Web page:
Monday, 24 of June of 2019

Economics. Explained.  

Producer Price Index

June 11, 2019

The Producer Price Index for final demand – intermediate demand  includes producer prices for goods, as well as prices for construction, services, government purchases, and exports and covers over 75% of domestic production.

Producer prices for final demand rose 0.1% in May after having risen 0.2% in April.  During the past year this inflation measure (the red line) has risen 1.9%.

Excluding food and energy producer final demand prices rose 0.2% in May after having climbed 0.1% in April.  They have risen 2.3% in the past year (the pink line).  This series was steadily accelerating for a couple of years, but it has begun to drift lower in the past 12 months or so.

This overall index can be split apart between goods prices and prices for services.

The PPI for final demand of goods fell 0.2% in May after having increased 0.3% in April. These prices have now risen 0.6% in the past year (left scale).   Excluding the volatile food and energy categories the PPI for goods was unchanged in both April and May.  During the past year the core PPI for goods (the light green line) has risen 1.6% (right scale).

Food prices fell 0.3% in May after having declined 0.2% in April.  Food prices are always volatile.  They can fall sharply for a few months, but then reverse direction quickly.  Over the past year food prices have risen 0.4%.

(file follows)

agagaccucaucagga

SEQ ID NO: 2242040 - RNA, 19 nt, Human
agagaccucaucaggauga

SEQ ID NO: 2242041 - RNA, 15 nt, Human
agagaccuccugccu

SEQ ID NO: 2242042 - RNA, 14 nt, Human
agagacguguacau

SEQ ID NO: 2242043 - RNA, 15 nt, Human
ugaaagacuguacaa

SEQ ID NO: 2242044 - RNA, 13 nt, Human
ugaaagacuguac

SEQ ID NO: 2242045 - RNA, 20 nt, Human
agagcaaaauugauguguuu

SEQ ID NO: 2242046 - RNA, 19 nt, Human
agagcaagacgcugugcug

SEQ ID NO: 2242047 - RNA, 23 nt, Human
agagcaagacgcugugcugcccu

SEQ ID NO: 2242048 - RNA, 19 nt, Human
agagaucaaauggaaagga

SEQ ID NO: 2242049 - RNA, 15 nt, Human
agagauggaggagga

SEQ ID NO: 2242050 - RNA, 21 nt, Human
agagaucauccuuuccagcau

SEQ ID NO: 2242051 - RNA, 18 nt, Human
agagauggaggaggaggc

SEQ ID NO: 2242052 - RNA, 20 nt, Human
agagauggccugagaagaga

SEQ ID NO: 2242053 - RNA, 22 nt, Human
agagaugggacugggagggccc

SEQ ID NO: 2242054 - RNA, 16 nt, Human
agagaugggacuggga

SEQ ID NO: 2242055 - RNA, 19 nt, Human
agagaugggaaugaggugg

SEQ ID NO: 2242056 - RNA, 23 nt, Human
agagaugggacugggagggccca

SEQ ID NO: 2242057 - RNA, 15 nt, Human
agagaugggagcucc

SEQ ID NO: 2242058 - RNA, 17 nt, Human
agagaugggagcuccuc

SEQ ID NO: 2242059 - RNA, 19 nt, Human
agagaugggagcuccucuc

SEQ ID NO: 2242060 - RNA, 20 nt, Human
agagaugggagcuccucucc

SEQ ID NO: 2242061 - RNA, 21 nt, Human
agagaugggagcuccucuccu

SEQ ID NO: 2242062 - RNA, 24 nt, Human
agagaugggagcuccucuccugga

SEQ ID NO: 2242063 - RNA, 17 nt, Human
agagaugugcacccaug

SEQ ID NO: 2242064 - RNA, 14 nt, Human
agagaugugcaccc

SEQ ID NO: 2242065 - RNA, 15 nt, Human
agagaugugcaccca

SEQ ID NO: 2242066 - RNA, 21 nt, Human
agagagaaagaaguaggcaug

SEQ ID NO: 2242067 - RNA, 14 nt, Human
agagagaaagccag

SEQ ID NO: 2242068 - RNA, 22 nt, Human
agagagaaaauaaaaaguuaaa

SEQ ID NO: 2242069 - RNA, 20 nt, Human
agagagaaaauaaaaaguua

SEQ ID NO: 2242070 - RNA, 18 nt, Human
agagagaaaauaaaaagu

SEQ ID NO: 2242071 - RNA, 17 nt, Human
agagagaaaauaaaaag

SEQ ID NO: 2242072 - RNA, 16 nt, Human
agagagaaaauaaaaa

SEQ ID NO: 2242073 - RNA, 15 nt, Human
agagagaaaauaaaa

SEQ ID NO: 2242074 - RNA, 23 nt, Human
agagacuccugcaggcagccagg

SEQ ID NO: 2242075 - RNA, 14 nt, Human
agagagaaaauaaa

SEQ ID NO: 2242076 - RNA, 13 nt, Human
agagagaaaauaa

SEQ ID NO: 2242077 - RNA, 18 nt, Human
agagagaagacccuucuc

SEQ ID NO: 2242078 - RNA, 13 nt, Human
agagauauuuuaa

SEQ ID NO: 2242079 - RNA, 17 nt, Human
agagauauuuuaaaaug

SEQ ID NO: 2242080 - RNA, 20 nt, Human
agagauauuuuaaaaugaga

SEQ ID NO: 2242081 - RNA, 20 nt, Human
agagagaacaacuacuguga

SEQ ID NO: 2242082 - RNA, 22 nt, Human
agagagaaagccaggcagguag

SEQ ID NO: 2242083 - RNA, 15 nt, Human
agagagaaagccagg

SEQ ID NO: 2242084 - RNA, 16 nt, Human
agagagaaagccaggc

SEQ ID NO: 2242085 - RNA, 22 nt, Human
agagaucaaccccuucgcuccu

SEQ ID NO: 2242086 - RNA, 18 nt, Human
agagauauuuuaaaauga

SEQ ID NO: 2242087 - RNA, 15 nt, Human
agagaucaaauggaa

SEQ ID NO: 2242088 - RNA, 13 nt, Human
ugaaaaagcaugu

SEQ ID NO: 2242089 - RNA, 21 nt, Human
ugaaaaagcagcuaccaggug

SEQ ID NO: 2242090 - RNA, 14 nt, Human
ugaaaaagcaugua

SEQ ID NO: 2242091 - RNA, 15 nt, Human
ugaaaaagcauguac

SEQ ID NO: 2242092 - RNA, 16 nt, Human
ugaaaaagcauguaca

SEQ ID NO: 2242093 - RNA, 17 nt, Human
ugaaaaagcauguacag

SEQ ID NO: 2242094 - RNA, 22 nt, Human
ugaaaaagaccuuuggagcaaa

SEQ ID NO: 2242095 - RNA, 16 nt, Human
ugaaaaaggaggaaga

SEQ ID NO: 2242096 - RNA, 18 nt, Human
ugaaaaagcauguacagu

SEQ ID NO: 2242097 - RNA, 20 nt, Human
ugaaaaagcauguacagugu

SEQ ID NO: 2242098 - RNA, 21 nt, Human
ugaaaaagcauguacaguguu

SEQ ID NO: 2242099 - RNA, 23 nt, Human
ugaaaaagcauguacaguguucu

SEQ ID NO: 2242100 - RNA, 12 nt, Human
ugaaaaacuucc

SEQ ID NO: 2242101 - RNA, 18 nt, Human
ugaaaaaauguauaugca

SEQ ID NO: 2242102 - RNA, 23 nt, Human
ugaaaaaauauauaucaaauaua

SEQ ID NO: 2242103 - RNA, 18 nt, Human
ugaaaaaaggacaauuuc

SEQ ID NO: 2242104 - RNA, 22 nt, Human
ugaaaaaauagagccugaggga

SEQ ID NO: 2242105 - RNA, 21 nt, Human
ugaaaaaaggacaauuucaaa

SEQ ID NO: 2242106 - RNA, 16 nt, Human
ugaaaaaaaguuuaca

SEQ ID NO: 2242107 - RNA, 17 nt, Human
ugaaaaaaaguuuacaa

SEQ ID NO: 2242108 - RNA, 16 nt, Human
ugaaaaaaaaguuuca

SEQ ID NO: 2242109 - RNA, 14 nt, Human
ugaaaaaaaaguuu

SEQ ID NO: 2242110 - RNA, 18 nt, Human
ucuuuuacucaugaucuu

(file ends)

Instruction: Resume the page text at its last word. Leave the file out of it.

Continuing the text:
Energy prices declined 1.0% in May after having risen 1.8% in April and 5.6% in March.  Energy prices have fallen 3.0% in the past year.   Output in Venezuela and Iran has been falling steadily and Saudi Arabia recently cut its oil output in an effort to boost prices, but U.S. production has continued to surge to a new record high level of 12.4 million barrels per day and that increase in output has more than countered the OPEC shortfall.  As a result, oil prices have now declined to about $53 per barrel.

The PPI for final demand of services rose 0.3% in May after having climbed 0.1% in April.  This series has risen 2.4% over the course of the past year (left scale).   The PPI for final demand of services excluding trade and transportation (the light blue line)  jumped 0.5% in May after having increased 0.3% in April.  It has climbed 2.4% in the past year.

Because the PPI measures the cost of materials for manufacturers, it is frequently believed to be a leading indicator of what might happen to consumer prices at a somewhat later date.   However, that connection is very loose.

It is important to remember that labor costs represent about two-thirds of the price of a product while materials account for the remaining one-third.  So, a far more important variable in determining what happens to the CPI is labor costs.  With the unemployment rate currently at 3.6% the labor market is well beyond full employment.  As a result, wages pressures have begun to climb, but the resulting upward pressure on inflation has been countered by an increase in productivity.  Unit labor costs, labor costs adjusted for the increase in productivity, have fallen 0.8% in the past year.  Compensation climbed 1.5% during that period of time but that increase was almost entirely offset by a 2.4% increase in productivity.  No wonder the seemingly tight labor market is not putting upward pressure on inflation — the increase is being entirely offset by an increase in productivity.  That means that firms have no real incentive to raise prices — workers have earned their fatter paychecks.

We expect the core CPI to increase  2.3% in 2019 after having risen 2.2% in 2018.

Stephen Slifer

NumberNomics

Charleston, SC



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